Not even when Ali agreed with the Sunni protestors who were the centerpiece of the report, with a protest calling on the government to free the jailed Islamists, a recurrent but ultimately fringe topic in the Lebanese political spectrum but one which made it onto a 16 minute report about an entire city, labeling it Islamist anyway, did the nature of the report change.
Even when Ali mentioned that a lot of those jailed people had nothing to do with the fighting and those who did were being manipulated by leaders higher up the echelons who are still free today, the report still did not veer from the goal it had set for itself the moment that random Beiruti told the British crew that Tripoli was unsafe: we are here to show that this place is different from Beirut, and that it is dangerous and that people here are extremists.
Extremism? Nice. Going to the poor areas of a city and labeling it all based on them? Amazing.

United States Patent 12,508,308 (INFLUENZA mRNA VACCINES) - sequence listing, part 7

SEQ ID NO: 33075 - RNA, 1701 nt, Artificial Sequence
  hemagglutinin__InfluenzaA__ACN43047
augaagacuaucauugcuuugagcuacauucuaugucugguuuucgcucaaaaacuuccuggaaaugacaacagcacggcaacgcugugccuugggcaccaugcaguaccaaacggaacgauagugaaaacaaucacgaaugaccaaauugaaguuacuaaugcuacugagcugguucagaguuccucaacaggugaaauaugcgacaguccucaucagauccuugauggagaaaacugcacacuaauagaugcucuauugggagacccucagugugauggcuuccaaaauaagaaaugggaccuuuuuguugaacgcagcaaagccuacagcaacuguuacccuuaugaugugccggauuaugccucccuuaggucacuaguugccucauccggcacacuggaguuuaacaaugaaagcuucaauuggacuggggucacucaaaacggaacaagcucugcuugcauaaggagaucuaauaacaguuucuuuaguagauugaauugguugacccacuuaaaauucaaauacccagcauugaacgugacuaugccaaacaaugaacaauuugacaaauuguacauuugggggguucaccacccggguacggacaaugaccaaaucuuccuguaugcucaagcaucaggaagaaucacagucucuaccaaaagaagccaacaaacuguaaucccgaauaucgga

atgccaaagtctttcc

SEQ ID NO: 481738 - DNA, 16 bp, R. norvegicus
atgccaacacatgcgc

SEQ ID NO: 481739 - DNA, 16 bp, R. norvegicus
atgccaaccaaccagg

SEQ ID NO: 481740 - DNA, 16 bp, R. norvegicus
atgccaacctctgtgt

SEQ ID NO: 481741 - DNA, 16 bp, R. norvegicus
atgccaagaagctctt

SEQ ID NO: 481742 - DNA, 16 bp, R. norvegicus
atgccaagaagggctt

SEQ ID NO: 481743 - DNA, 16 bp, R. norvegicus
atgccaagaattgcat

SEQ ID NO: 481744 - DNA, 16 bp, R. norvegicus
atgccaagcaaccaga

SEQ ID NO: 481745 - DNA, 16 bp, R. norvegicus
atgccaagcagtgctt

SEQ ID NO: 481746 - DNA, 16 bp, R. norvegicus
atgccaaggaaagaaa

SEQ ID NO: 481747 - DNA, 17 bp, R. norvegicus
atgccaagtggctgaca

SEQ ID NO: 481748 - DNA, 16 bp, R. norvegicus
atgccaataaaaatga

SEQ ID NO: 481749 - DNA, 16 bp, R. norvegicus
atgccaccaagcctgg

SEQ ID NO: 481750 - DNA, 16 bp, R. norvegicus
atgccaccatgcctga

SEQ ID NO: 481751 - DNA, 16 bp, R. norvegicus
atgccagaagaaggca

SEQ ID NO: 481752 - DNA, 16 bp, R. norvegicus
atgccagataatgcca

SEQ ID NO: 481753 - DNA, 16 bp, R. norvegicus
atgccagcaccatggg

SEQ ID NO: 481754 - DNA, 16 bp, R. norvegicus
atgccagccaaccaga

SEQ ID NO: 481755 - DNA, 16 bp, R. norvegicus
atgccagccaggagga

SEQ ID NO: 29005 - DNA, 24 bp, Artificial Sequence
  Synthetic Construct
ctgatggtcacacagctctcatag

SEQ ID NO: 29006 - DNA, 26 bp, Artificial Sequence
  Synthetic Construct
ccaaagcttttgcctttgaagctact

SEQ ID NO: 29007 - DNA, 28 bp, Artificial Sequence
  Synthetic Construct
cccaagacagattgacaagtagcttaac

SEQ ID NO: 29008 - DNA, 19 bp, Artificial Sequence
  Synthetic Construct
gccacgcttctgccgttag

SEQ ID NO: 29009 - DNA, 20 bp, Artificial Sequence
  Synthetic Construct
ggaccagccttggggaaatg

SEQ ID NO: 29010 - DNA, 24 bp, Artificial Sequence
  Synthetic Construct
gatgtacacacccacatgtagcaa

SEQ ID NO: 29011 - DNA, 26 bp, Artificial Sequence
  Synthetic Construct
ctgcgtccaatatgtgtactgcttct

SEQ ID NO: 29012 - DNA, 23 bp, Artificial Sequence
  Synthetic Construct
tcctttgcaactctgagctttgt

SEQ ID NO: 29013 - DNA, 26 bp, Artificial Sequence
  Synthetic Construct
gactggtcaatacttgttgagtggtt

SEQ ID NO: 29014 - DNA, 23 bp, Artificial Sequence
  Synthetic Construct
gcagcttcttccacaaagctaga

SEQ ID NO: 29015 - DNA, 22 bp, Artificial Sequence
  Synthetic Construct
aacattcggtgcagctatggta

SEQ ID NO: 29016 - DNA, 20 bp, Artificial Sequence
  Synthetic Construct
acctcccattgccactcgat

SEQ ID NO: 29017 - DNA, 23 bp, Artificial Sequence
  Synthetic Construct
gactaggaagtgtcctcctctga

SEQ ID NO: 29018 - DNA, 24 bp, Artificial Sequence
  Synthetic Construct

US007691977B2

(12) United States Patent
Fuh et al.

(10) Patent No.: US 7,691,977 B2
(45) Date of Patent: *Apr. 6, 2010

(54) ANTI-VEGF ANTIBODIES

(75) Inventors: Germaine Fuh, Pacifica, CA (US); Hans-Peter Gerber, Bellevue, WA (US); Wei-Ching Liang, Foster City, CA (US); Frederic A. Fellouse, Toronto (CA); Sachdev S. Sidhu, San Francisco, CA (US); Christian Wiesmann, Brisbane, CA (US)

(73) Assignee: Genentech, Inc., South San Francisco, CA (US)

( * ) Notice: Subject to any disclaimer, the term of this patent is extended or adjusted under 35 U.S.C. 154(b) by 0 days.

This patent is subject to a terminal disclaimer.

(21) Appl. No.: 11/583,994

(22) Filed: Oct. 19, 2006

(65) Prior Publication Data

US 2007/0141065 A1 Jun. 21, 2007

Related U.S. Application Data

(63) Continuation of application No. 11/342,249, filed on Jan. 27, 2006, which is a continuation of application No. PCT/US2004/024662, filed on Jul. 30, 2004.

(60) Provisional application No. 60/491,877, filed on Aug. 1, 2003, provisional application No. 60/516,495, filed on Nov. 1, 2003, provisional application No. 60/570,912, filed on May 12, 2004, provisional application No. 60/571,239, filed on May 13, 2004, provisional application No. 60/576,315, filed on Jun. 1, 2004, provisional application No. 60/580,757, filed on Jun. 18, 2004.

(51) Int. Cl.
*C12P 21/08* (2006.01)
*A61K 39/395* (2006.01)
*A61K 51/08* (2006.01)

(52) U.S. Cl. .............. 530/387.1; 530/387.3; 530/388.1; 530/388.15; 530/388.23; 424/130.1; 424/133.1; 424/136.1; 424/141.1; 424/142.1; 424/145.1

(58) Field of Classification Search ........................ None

Delving into the cause of that “extremism” and poverty? Meh, who has time for that.
The magnum opus comes when they interview one man who’s asked about Shariah Law, before he says that everyone in the city wants that, somehow making his statement a valid proposition in the eye of the reporter. His rhetoric was not challenged, neither on the spot nor in a voice over that shows that not to be in the case in the other side of Tripoli, the majority, that BBC Pop Up did not try to cover because it doesn’t fit into what they’re trying to advance in the documentary.
The twist though is that that wasn’t what the man said, according to eye-witnesses who were there at that moment. What he said was: as a Muslim, I agree with the Shariah but this can never be applied in Lebanon where we have such diversity. This didn’t fit with what BBC wanted to portray so they cut his words and edited them the way they wanted.